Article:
truth. The new face of addiction is young white suburban kids who most likely received good
grades and played sports. Although research has proved that addiction is a disease, the media still
occasionally portrays an addict as someone with weak will power and choosing to do drugs. I am
a recovering heroin addict, with a little over three years sober. My father is like millions of other
Americans in the sense that he is uneducated in addiction, and therefore, holds a negative
connotation of this issue and believes things about addicts and addiction that are not true. Drug
awareness is key in breaking the stigma. I am involved in the non-profit organization called
Families against Narcotics (F.A.N.) where I am granted the opportunity to travel to schools,
hospitals, and conferences to share my story and educate the public on addiction.
The negative stigma placed beside this issue resulted in a lack of action in the past to
correct it. The result of that is what we are seeing now, a growing epidemic that shows no sign of
stopping in the near future. The last few decades have made headway in the policies and

programs set up to handle the substance abuse issue, but we are still far from the finish line. The
overwhelming amount of people affected by this social issue have led to the development of new
policies, programs, and treatment methods.
My Beliefs about Opiate Abuse
I place much of the blame for this social issue on the large pharmaceutical companies.
The overabundance of unnecessary prescriptions that are constantly being written, especially for
opiates, is preposterous. Our society has become so dependent on pills to instantly fix any
problem they may be experiencing, that it is not surprising that this issue has affected so many
people. The younger generation see their parents and grandmother take pills when they feel pain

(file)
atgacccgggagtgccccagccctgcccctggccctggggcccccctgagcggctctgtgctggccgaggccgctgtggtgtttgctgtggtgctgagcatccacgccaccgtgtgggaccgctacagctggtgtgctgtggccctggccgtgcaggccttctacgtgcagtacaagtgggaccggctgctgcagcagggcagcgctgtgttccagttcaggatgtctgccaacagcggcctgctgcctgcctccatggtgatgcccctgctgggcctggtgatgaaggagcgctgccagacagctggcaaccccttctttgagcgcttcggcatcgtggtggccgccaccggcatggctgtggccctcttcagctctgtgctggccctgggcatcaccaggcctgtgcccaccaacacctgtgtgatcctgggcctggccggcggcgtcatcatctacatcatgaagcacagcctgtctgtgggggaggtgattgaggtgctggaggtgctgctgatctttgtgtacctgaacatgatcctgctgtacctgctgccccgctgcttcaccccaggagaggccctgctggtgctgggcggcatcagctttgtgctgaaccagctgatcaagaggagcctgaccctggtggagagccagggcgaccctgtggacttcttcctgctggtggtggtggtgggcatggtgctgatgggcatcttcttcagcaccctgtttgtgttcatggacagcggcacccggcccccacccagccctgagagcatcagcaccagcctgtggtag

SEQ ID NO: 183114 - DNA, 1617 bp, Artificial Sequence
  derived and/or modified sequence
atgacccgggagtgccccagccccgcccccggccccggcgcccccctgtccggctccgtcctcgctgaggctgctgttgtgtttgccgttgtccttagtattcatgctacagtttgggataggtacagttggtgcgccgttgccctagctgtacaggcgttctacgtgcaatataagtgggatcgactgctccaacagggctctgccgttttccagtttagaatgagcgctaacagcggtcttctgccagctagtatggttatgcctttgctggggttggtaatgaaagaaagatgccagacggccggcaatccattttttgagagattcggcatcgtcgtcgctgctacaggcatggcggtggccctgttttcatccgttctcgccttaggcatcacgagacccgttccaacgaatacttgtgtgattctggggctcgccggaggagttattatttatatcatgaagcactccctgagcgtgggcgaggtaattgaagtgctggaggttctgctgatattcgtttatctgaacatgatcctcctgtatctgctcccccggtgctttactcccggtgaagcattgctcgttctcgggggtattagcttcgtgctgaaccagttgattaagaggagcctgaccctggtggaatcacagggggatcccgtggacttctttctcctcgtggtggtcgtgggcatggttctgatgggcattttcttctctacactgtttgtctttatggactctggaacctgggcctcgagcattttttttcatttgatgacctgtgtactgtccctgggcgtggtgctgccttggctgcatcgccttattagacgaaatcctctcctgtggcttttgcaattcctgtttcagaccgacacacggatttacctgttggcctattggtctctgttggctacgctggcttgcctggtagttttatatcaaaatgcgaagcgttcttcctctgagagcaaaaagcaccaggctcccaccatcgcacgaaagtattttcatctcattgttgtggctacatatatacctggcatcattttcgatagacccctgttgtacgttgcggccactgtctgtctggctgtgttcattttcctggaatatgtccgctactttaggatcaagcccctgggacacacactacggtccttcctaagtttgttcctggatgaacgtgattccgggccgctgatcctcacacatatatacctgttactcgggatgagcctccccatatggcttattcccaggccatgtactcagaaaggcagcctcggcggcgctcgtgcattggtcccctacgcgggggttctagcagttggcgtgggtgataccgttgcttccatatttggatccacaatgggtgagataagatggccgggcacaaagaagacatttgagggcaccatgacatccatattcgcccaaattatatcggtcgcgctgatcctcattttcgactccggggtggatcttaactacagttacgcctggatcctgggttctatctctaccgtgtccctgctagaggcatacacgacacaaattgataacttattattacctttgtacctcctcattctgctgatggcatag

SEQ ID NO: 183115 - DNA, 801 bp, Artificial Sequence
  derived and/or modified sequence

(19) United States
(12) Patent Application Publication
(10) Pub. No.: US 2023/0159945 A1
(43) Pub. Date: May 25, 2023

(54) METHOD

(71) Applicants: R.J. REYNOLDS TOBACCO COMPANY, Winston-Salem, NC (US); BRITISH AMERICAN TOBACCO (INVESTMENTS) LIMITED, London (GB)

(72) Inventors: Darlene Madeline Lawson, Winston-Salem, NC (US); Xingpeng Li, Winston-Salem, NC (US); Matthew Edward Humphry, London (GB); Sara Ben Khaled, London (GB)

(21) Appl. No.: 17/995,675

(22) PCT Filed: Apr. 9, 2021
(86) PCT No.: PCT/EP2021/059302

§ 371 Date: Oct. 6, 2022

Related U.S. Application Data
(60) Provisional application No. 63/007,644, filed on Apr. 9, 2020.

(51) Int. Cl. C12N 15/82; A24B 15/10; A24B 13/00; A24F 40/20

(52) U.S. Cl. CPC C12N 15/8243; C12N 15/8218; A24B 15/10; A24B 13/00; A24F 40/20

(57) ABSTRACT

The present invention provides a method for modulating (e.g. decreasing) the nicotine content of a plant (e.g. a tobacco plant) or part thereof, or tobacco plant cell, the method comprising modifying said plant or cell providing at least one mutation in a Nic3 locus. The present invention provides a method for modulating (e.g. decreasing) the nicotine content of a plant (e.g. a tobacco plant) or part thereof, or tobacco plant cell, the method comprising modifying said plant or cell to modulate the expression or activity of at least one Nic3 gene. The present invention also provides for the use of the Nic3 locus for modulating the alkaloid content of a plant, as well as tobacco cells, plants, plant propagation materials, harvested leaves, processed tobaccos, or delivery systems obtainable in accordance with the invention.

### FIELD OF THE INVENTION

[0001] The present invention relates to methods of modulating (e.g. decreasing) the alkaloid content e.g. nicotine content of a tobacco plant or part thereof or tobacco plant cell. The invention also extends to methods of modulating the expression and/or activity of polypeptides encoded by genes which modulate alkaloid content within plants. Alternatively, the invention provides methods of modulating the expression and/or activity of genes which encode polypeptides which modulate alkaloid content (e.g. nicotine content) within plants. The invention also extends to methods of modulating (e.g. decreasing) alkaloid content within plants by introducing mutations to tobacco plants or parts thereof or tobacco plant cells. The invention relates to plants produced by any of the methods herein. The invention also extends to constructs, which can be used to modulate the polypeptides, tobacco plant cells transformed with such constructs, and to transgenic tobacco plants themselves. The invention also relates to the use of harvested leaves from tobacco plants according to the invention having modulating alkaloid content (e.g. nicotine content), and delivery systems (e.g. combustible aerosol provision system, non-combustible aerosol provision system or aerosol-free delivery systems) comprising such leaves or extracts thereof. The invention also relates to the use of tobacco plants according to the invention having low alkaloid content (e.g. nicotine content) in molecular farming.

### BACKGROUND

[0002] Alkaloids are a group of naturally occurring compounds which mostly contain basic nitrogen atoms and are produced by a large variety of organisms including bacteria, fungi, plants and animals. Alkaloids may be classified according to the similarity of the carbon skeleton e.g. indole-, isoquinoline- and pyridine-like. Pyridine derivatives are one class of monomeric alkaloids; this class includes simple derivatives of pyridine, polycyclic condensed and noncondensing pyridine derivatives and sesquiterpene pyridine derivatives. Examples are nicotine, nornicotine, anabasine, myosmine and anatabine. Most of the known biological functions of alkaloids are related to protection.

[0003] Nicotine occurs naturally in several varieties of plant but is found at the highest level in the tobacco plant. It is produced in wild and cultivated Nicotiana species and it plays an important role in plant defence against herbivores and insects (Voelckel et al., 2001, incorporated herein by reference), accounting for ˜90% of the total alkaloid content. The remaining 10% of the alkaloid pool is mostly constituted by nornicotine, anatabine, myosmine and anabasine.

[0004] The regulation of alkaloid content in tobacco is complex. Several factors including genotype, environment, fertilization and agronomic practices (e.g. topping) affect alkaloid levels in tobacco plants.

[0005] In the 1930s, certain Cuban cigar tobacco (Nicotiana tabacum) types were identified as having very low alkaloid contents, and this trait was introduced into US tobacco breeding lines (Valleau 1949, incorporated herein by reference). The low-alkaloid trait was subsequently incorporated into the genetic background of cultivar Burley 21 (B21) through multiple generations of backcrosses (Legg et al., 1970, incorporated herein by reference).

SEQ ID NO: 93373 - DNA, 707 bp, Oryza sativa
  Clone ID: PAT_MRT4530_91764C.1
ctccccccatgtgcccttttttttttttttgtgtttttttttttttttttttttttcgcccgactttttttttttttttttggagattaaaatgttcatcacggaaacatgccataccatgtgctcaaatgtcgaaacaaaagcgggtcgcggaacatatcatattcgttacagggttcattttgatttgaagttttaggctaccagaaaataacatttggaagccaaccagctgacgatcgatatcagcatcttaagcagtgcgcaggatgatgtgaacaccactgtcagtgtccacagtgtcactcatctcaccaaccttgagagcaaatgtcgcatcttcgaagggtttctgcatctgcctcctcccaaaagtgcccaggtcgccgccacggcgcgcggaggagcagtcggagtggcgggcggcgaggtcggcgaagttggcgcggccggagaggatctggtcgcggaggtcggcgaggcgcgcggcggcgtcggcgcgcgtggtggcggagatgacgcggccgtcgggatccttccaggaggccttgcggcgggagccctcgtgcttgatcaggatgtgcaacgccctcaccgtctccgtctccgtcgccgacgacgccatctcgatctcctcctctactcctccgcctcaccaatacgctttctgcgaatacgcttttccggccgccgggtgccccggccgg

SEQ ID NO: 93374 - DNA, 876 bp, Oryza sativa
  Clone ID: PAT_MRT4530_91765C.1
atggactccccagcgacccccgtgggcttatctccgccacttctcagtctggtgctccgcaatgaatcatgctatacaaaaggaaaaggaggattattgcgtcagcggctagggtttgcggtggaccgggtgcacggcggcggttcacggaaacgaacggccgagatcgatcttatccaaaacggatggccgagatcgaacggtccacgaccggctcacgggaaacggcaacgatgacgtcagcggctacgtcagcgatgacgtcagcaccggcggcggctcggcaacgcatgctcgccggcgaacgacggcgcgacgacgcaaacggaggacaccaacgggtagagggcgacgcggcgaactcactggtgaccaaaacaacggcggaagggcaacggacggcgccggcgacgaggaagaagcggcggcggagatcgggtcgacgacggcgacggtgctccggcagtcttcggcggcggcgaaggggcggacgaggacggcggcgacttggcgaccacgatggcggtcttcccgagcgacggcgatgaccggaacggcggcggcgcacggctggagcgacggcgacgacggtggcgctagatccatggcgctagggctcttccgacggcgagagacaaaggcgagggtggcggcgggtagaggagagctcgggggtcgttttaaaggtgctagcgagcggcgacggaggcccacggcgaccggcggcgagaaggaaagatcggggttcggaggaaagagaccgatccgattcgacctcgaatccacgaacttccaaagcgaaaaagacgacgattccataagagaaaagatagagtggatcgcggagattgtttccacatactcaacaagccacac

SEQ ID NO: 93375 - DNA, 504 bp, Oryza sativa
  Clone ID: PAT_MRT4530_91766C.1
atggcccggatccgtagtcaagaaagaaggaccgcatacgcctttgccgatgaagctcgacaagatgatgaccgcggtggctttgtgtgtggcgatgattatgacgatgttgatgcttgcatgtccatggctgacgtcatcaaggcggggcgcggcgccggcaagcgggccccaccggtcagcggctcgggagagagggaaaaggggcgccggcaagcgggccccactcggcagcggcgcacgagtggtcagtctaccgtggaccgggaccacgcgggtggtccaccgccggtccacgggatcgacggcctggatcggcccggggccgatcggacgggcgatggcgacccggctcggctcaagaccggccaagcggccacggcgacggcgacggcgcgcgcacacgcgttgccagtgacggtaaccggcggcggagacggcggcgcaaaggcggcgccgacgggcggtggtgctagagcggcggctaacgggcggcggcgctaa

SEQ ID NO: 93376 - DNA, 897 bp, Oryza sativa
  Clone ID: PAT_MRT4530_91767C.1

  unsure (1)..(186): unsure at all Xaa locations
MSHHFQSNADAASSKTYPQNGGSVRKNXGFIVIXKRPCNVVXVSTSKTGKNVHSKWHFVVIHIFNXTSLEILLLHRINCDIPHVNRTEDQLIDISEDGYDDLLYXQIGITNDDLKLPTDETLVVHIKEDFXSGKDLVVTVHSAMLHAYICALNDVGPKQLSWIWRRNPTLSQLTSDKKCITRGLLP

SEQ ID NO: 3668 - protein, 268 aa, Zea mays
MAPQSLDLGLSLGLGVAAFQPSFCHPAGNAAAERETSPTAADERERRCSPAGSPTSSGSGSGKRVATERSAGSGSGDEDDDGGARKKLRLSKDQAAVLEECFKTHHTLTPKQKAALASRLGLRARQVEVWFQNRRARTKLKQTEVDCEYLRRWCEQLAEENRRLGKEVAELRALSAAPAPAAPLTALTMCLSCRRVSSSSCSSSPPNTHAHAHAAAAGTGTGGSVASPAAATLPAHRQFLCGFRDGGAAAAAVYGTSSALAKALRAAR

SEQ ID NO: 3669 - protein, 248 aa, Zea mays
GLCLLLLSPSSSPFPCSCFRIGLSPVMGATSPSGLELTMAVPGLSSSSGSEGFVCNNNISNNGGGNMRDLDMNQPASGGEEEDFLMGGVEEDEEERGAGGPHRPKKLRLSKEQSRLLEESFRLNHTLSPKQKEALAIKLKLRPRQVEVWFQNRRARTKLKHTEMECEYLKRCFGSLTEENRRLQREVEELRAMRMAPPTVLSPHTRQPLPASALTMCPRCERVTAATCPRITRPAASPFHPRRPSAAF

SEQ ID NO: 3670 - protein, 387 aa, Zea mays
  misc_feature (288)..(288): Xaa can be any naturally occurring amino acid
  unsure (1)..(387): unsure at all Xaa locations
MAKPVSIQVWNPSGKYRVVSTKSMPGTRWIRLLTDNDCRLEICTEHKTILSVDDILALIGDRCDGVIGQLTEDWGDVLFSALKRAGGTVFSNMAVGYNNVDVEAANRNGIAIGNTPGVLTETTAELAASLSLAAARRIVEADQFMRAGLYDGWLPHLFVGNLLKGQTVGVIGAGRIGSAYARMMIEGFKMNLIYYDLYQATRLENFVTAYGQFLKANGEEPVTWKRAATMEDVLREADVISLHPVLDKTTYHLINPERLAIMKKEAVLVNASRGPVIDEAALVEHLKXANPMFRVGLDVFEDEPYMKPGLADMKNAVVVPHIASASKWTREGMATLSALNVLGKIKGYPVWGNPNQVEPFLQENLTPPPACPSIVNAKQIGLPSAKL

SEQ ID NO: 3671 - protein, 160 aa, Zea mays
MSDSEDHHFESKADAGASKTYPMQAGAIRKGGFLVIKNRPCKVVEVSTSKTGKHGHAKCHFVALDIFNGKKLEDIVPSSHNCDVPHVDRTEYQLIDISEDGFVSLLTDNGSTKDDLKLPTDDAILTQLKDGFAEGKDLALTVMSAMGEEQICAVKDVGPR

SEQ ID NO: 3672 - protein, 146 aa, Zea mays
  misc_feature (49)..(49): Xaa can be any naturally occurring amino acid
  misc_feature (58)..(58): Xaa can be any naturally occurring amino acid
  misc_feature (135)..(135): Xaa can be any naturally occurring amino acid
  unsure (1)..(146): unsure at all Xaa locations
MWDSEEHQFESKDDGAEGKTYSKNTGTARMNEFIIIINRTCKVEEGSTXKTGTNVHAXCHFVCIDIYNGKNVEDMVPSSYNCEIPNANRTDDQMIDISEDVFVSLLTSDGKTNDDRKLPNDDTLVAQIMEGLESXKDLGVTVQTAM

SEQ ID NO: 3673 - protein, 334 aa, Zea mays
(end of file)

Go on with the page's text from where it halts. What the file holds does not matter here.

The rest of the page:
or cannot sleep, so when it comes time that they are offered pills from a classmate the shock
value of these drugs has been dulled. Children imitate the adults they are surrounded with, and
many adults underestimate a child's ability to pick up on behaviors. No to mention, the
accessibility of narcotics has become so easy. The school systems around the nation are now
filled with teenagers exchanging the prescription pills they found in the medicine cabinet at
home. I was addicted to opiate prescription pills throughout majority of my high school years,
and I was never unable to find someone at school carrying pills to sell to other students. It has
been brought to my attention that the drug issue within the schools has become much worse
since I graduated six years ago.
I believe that America should observe the treatment models used in other countries to see
which are effective or not, and build policies and programs around those results. It appears to me
that harm reduction works the best so far, and hopefully America will jump on board with that
approach soon. When you receive treatment from an accredited rehabilitation center in our
nation, you are programmed to achieve complete abstinence from all substances. Abstinence is

great, but it is unrealistic for many addicts. It is time for America to step away from the


traditional methods of viewing and treating drug addiction, and be more accepting towards
Values and Ethics
The National Association of Social Work (NASW) Code of Ethics includes a variety of
values and codes in which professional social workers are expected to adhere. The code that
comes to mind when discussing this social issue is 4.02 Discrimination. The Discrimination code
mentions a list of characteristics that professional social workers are mandated to not
discriminate an individual for possessing. One of the factors encompassed in that list is mental
disabilities (NASW, 2013 para.3). The disease of addiction is now professionally recognized as
being a mental disorder, and as a social worker you are to treat clients with substance abuse
issues as any other client or human being.
The second code that ties into the treatment of clients with substance abuse other than the
Discrimination code is the 2.01 Respect code. This code discusses the importance of treating
clients with a variety of characteristics and medical or social issues, such as mental disabilities,
with respect and providing everyone with equal services (NASW, 2013, para.2).
In summary, drug abuse is a social issue that has spiraled out of control. Drug abuse is
nothing new to our nation, or other nations around the globe, but the issue continues to become
increasingly concerning. Other countries have tried new methods of treatment for substance
abuse, with some of them proving to be effective. America is holding onto a traditional abstience
model for treatment, which can be unrealistic for some addicts, and has an extremely high rate of

relapse. It is time for America to undergo major changes when it comes to drug policies and
programs. Like they say in AA, We shall look for progress, not for perfection (the Twelve
Steps and Twelve Traditions, 1952, p.91).